Are Cats Easy Pets?

updated on 09 May 2023

I, shockingly, spend a lot of time talking to folks about cats. One phrase I hear entirely too often is something along the lines of, "I really like dogs, but I'm thinking of getting a cat because they're an easy pet." Cats are generally seen as being animals that can just be left alone and you don't do much with them. I refer to this idea as cats being "decorative pets" because they're cute and you just leave them be.

But is this true? Are cats really as easy to take care of as some people think? Or are they only seen as being easy pets because we aren't meeting all their needs?

Litter Boxes vs. Being Let Out

One area cats typically get a reputation for being easier to take care of than dogs is that they don't need to be let outside. Yes, you don't have to let your cat outside every few hours so they can go for longer without you being home (though they can't go for days without being taken care of... More on that later!).

However, the trade off is the litter box. In order to keep your cat happy and using the litter box, it needs to be properly maintained. Most folks don't clean their cat's litter box nearly as often as they should.

A litter box should be scooped twice a day ideally and at minimum once per day. For extra finicky cats, you may need to scoop the box after each use. Failure to clean the box properly will result in a stinky box, an unhappy cat, and potentially a box not being used entirely!

Cleaning and scooping the litter box is far from the most pleasant part of cat parenthood, but it is completely necessary. People who only scoop once per week or every few days are creating more problems for themselves down the line and often end up with cats not using their box.

To use a metaphor a lot of us are familiar with after working from home for the last two years, you can think of litter box maintenance as being asynchronous work: with dogs, you have to be there live to clean up and let the dog out. This is similar to synchronous work. You still have to do all the work in order to get the job done, but it doesn't have to be done live. It is similar to asynchronous work that you have to do that day, but you can do it on your time generally.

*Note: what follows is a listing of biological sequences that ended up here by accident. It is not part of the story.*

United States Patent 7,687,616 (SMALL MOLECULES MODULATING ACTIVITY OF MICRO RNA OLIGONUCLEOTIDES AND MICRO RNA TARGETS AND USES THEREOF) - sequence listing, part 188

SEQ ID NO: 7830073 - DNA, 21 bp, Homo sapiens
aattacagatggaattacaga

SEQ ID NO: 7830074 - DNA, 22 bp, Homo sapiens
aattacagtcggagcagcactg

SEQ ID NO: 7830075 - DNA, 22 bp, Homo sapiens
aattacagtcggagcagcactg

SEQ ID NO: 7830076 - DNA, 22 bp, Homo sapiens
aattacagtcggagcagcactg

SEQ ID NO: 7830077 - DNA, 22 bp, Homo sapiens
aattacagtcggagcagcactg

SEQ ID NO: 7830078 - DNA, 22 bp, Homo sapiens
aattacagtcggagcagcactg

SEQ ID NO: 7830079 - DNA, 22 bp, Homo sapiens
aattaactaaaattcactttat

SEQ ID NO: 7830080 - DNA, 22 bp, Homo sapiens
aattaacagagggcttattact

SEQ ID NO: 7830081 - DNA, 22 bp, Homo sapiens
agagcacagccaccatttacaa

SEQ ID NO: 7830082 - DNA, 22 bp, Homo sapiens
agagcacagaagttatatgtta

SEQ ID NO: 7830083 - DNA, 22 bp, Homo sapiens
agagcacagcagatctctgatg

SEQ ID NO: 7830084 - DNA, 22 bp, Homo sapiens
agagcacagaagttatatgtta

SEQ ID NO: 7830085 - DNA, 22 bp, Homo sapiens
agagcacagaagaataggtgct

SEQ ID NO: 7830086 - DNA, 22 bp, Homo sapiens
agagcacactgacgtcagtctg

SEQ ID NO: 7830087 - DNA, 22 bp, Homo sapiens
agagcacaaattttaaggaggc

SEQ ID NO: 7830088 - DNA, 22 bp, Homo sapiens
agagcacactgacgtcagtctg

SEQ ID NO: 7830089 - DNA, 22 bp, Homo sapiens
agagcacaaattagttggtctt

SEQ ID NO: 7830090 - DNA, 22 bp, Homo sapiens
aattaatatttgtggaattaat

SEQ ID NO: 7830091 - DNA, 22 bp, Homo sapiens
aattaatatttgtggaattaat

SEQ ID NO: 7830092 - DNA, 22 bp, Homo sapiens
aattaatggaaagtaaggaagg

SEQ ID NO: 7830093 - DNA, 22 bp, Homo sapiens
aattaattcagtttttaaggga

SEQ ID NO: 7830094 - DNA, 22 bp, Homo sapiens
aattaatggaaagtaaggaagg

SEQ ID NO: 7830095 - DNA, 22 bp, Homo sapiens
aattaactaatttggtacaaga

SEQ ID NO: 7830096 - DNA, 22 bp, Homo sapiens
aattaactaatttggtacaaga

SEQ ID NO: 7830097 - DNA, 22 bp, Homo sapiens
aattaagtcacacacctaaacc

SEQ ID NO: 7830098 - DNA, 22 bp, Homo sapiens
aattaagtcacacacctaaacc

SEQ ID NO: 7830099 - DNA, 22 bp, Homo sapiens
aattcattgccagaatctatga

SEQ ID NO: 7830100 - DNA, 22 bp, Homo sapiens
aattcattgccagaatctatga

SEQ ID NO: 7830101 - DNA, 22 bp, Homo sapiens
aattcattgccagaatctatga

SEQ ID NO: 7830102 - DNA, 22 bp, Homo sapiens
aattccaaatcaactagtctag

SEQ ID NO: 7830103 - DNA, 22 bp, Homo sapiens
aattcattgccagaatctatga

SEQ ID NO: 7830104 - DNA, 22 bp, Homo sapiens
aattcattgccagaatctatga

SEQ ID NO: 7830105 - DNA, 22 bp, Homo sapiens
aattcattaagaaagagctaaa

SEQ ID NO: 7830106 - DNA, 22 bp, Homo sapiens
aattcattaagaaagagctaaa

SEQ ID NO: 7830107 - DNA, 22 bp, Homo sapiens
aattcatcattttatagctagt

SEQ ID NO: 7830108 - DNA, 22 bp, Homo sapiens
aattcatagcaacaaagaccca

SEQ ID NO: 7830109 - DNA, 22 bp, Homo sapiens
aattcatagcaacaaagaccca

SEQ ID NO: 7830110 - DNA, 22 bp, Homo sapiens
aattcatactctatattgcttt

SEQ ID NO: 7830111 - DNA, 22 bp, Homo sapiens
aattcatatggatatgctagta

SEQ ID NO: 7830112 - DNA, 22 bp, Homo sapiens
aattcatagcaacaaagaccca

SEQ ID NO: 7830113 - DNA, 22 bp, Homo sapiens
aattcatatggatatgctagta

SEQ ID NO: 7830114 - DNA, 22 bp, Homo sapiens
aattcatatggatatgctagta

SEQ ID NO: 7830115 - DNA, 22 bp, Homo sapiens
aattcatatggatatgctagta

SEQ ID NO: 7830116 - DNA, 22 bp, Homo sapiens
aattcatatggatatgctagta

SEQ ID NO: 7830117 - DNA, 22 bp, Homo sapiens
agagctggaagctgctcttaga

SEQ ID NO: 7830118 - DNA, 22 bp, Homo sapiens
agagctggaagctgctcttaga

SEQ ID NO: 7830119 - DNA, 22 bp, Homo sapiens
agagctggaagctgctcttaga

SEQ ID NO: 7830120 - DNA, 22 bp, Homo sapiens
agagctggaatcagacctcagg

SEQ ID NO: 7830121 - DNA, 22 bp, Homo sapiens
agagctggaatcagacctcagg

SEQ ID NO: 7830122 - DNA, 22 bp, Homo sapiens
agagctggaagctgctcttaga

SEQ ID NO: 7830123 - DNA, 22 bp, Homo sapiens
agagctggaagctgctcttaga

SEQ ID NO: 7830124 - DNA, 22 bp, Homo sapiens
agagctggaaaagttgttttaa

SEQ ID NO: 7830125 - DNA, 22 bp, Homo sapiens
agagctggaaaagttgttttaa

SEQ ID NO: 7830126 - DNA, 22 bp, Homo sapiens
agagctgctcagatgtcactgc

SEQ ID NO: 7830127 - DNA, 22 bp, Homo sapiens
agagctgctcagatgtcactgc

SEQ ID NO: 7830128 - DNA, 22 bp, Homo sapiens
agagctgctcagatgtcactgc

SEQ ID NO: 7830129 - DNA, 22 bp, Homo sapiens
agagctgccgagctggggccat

Cat Sitters Are Necessary

Another myth I see often is that cats don't need a pet sitter. Some people just leave their cats home for the weekend with water, a clean box, and food sitting out. Cats are self sufficient! They'll be fine! ... Right?

This is actually a terrible practice. As I already pointed out, litter boxes need to be cleaned much more frequently than people generally think. It's hard to get a properly cleaned box when you are gone for two or more days!

A bigger problem however is that this is likely to result in a bored, under stimulated cat. Contrary to popular belief, cats like us more than we think. They need some socialization and also need plenty of play time. Leaving them alone for a whole weekend is not a great way to meet their needs!

A bored cat is much more likely to get into trouble and you may come home to find they have gotten into things or destroyed things you were hoping would stay intact. They may have even used your pillow as a litter box due to how unclean the box is.